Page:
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Boyer blasts CBS for slanted GA security storyBoyer blasts CBS for slanted GA security story

January 15, 2004

Andrew Heyward
President, CBS News
524 W 57th St.
New York, NY 10019

Dear Mr. Heyward:

On behalf of more than 400,000 members of the Aircraft Owners and Pilots Association (AOPA), the world's largest aviation organization, I am writing you to express our utter shock and dismay regarding the story about general aviation that ran on your evening news on January 14, 2004. It is disgraceful that "the news organization of Edward R. Murrow" would produce - and aggressively promote in a tabloid headline form - a segment on the prestigious CBS Evening News that was so obviously slanted, incomplete, factually erroneous and salaciously inflammatory.

Your irresponsible reporting techniques included:

  • Failure to mention a wide range of security initiatives - developed by AOPA and other organizations in concert with the FAA and Homeland Security - that are now in practice across the country. Completely contrary to your report, much has changed since 9/11.
  • Failure to use a credible "expert" for your interview. Peter Goetz has no credentials in GA security. He is currently a PR consultant with grief counseling experience at NTSB. Other on-camera "experts" were a Realtor and an airport manager for a highly unique airport.
  • The total absence of any evidence that general aviation should be considered a security threat. To suggest otherwise is to be blind to an enormous body of facts that could never produce the sensationalistic sham that you deign to call a news story.

On the basis of the voluminous emails and calls we have received today I can confirm that your reporter, Bob Orr, has badly tarnished his reputation in the aviation community. Had he - or anyone - from CBS simply called we could have provided the information that the story was completely lacking. For example:

  • The Eagle's Nest residential airpark, while not unique, is far from typical of most public-use airports. These exclusive communities are mostly privately owned, private-use airports where the community is even more closely knit than the general aviation community at large.
  • The lack of fencing at facilities like Eagle's Nest is more than offset by the fact that the residents lock their planes next to their cars in enclosed hangars that are attached to their homes.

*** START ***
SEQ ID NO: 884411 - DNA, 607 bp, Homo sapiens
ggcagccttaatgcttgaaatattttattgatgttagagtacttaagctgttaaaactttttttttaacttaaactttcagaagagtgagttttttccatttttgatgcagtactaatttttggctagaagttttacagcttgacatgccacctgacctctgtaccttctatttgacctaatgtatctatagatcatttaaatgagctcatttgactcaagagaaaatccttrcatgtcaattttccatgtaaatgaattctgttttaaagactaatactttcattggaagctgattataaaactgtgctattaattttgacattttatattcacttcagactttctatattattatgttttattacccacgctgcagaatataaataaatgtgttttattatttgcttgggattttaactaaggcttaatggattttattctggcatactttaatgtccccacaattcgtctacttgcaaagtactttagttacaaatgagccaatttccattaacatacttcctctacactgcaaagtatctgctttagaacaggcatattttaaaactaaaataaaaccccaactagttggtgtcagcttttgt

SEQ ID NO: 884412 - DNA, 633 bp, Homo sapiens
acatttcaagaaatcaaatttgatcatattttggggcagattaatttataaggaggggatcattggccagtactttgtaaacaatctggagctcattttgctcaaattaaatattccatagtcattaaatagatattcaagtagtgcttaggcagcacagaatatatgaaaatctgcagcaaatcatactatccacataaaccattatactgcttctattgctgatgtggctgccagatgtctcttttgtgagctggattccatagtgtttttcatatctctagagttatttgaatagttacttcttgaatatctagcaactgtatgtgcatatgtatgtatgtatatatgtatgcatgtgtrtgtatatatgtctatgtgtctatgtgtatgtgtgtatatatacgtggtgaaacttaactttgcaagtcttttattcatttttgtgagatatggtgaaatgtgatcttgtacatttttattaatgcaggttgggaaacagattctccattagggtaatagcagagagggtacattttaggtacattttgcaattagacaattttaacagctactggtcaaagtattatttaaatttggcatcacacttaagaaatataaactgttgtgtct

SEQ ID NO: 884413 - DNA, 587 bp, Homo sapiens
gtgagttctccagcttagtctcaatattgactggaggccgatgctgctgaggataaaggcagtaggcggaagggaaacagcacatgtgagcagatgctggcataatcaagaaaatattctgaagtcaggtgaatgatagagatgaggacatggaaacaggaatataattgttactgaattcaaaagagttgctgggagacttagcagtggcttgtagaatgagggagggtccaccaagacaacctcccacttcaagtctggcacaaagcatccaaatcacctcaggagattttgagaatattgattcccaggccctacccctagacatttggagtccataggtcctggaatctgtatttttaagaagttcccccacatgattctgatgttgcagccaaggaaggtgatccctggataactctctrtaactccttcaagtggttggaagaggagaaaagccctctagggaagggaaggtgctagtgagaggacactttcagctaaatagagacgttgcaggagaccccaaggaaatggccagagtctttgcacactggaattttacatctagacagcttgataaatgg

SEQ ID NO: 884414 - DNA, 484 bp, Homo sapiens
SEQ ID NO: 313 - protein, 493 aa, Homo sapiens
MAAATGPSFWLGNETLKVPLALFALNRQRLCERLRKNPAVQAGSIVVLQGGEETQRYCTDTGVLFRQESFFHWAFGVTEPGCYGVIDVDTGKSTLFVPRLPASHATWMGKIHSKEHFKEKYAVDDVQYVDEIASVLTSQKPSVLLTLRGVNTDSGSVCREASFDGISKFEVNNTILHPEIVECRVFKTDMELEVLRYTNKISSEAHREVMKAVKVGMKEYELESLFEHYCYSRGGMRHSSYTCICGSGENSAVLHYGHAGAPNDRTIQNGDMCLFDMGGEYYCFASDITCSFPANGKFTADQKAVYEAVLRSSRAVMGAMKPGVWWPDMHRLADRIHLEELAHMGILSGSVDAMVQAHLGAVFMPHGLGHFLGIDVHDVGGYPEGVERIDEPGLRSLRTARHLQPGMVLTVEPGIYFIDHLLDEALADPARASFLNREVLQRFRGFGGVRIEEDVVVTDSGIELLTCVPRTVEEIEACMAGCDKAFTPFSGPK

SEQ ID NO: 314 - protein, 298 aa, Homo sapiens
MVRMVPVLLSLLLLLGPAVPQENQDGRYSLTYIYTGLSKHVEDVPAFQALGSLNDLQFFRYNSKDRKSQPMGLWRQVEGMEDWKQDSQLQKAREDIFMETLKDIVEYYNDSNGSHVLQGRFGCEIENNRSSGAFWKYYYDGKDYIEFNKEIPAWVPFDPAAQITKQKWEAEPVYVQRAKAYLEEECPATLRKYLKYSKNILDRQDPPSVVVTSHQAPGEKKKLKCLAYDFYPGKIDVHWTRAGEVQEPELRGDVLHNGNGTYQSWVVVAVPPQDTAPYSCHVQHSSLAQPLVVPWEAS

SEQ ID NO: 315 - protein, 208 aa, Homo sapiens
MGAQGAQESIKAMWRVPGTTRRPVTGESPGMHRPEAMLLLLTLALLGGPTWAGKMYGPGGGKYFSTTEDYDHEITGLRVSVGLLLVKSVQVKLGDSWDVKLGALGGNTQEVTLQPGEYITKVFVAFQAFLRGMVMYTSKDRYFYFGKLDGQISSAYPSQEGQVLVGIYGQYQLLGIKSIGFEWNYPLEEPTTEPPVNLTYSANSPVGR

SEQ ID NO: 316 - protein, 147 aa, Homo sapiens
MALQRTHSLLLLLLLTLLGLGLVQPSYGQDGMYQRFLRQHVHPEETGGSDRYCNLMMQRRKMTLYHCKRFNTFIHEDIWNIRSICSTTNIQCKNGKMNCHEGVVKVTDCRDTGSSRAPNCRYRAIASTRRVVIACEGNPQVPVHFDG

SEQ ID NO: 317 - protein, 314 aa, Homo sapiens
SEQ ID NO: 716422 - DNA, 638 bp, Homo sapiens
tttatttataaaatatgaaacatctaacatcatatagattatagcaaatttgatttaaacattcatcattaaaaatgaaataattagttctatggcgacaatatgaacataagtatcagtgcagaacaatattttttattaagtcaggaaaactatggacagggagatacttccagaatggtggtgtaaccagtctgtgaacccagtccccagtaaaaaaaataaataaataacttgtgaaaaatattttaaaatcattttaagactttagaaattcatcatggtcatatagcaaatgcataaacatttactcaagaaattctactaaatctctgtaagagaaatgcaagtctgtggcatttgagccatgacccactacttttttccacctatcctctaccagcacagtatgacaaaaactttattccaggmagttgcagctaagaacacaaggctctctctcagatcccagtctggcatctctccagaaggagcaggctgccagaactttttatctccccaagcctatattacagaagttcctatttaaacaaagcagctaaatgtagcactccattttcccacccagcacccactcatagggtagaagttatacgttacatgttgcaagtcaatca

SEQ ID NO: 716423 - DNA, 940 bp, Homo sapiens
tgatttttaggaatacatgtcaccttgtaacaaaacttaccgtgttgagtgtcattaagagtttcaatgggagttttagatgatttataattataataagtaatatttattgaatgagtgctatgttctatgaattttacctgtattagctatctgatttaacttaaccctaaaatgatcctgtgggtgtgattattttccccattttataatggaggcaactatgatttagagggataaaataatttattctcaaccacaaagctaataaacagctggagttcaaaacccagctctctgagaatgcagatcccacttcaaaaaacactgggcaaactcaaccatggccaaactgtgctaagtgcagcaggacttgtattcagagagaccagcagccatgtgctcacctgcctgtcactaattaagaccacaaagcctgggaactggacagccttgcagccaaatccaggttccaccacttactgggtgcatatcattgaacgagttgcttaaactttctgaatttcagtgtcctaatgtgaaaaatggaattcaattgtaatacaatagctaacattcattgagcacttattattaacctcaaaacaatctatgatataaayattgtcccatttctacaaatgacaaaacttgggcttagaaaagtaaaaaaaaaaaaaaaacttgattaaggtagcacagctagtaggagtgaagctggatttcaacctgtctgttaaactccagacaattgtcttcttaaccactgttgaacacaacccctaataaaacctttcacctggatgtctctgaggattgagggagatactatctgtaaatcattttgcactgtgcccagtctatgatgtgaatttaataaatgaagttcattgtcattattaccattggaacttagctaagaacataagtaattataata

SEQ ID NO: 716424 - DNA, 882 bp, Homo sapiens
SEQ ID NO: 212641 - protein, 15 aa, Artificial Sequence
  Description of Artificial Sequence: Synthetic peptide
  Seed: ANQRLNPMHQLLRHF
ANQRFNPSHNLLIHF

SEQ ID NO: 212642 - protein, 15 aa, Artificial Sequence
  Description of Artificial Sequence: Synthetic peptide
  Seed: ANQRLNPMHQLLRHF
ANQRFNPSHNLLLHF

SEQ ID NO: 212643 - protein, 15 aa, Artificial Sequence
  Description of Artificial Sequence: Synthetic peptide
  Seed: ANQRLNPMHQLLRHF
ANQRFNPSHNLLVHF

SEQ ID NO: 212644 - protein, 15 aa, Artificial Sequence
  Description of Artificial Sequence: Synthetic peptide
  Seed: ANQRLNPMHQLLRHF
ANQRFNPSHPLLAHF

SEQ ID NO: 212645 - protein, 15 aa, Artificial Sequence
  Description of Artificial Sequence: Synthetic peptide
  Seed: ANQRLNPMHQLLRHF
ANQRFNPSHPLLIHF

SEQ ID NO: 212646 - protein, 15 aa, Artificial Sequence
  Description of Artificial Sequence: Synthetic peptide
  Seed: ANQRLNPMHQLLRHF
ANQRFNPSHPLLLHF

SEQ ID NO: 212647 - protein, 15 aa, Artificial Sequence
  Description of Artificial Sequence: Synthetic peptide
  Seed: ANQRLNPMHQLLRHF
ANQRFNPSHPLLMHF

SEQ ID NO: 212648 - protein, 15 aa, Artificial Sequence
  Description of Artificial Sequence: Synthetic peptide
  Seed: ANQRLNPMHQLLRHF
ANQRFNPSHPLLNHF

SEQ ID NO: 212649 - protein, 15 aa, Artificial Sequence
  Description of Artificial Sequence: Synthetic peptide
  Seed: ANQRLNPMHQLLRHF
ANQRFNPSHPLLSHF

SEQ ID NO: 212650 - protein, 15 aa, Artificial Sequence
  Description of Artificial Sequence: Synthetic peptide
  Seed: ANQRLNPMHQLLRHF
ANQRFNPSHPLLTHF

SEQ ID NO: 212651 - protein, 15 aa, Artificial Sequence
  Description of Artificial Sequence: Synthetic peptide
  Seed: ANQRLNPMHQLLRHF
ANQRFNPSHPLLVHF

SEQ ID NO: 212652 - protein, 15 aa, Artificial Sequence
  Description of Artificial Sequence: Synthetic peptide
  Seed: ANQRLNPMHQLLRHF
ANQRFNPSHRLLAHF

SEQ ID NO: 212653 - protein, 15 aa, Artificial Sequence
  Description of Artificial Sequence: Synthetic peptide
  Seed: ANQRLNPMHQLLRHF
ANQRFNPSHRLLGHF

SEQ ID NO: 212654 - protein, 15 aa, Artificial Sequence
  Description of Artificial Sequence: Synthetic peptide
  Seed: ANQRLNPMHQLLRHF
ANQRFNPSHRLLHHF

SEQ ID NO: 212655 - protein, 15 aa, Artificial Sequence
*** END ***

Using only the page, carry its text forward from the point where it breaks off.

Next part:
• The 5,400 public-use general aviation airports in this country have security measures appropriate to their situation. Many are fenced with controlled access; others rely less on physical security procedures than on pilot vigilance, using guidelines such as AOPA's Airport Watch program. The TSA has acknowledged that "one size does not fit all" when it comes to security at general aviation airports and will be releasing a "best practices" guide based on recommendations from the general aviation industry that will help airports adopt appropriate security measures based on their individual circumstances.
  • The typical general aviation aircraft, when fully loaded, weighs less than an empty Honda Civic and carries about the same amount of fuel as a large SUV. By comparison, an airliner like the ones used on September 11, 2001, can weigh as much as 180 Civics and carry nearly 24 thousand gallons of fuel. In stark contrast, a general aviation aircraft has limited ability to cause damage as evidenced by the unfortunate incident in Tampa. It was an extremely rare act by a lone individual that, while horrifying to imagine much less see, caused relatively minor damage.

Since 9/11 we are all living in a world marked by a heightened state of fear. Many organizations and members like ours have worked hard to address opportunities to keep those events from being repeated. By planting deep seeds of fear that are totally without merit, your report did a major disservice not only to our members, but to the general public as well. We are outraged and you should be ashamed.

At AOPA we will continue to work on behalf of our members. We hope at CBS you will work half as hard to inform your viewers of the facts and leave sensational journalism in the grocery store racks where it belongs. In the interim, we stand ready to provide you with the facts that your report completely ignored.


Phil Boyer

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